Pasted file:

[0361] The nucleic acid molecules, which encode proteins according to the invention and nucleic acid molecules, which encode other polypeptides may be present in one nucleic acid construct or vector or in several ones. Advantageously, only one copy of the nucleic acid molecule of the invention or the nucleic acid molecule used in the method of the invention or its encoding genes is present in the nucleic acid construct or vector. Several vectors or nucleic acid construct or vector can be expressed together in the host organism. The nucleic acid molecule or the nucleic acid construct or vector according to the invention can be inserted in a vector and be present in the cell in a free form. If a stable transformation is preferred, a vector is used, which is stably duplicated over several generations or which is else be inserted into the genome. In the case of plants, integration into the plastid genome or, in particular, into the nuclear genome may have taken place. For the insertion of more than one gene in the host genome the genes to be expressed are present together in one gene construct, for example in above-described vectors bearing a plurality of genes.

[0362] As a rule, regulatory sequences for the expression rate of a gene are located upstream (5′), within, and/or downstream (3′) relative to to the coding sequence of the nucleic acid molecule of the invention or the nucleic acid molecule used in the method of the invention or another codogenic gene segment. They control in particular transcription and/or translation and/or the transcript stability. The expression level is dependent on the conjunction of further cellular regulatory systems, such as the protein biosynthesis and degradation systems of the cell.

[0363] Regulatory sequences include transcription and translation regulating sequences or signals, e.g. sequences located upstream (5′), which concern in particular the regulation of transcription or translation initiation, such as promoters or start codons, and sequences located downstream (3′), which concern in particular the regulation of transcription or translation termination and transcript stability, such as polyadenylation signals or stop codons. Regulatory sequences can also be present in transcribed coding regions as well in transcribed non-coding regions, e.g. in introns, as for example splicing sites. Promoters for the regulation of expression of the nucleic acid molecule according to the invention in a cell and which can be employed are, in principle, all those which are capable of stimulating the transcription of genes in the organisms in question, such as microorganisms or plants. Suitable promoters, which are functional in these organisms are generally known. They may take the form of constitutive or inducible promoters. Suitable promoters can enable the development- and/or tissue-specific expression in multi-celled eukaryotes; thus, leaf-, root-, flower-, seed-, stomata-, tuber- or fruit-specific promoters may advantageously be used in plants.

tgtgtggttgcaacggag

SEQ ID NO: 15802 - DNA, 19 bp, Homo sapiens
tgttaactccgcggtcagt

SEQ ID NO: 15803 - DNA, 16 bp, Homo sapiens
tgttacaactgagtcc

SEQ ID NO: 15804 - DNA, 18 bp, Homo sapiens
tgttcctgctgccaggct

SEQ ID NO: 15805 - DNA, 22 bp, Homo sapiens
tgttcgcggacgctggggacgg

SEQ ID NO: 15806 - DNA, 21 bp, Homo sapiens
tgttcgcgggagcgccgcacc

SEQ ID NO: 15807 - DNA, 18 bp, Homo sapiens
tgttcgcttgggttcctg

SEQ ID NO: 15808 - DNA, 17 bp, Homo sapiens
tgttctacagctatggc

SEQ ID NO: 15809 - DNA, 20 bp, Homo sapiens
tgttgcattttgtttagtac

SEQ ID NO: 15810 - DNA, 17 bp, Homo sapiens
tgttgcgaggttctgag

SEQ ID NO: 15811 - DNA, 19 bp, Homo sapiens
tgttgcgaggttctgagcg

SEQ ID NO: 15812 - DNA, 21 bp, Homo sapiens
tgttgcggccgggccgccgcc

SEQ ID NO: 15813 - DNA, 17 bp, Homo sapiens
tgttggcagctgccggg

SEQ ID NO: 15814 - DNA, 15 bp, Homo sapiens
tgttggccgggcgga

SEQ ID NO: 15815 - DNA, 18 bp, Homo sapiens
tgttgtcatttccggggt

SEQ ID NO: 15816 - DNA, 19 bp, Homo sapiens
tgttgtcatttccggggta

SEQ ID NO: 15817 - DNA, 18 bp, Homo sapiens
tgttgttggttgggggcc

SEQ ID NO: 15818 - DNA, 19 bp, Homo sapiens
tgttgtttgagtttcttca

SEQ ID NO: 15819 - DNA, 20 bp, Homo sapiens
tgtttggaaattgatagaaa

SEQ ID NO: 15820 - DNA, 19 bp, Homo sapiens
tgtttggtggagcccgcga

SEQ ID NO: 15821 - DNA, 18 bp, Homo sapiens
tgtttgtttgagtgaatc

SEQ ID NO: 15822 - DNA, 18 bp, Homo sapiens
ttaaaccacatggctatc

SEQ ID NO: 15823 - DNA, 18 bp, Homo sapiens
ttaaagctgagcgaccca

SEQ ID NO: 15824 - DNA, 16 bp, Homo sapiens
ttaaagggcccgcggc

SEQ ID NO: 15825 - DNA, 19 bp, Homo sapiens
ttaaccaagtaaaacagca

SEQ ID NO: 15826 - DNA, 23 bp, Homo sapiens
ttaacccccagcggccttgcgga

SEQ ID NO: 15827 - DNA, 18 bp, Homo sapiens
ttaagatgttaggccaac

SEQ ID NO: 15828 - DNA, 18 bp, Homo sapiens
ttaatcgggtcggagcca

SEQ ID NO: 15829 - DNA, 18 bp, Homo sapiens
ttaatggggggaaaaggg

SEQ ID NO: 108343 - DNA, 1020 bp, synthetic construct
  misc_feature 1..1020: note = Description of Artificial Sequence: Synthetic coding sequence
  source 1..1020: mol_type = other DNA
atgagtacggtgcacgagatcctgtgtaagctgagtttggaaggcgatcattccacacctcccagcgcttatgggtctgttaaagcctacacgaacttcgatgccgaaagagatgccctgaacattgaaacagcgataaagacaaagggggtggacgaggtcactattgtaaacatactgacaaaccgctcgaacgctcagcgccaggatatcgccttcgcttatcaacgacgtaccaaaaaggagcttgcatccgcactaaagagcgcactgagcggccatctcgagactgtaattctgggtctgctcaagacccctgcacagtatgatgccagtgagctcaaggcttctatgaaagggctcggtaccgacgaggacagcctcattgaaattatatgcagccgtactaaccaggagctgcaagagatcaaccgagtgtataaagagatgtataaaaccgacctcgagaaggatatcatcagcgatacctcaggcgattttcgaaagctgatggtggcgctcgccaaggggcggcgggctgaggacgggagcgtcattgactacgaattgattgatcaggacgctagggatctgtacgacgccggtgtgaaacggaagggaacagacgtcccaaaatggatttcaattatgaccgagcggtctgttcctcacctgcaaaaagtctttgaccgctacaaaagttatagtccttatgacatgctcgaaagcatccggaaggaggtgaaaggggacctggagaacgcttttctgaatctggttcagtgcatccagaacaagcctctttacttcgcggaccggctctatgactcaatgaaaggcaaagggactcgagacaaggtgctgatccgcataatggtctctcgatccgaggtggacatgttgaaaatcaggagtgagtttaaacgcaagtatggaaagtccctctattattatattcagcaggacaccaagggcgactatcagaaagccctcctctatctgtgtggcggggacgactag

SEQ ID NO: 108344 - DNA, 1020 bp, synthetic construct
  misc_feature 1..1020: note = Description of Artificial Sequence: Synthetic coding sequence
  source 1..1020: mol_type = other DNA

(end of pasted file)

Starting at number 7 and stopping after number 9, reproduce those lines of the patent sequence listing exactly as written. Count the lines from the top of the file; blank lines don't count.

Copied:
SEQ ID NO: 15803 - DNA, 16 bp, Homo sapiens
tgttacaactgagtcc

SEQ ID NO: 15804 - DNA, 18 bp, Homo sapiens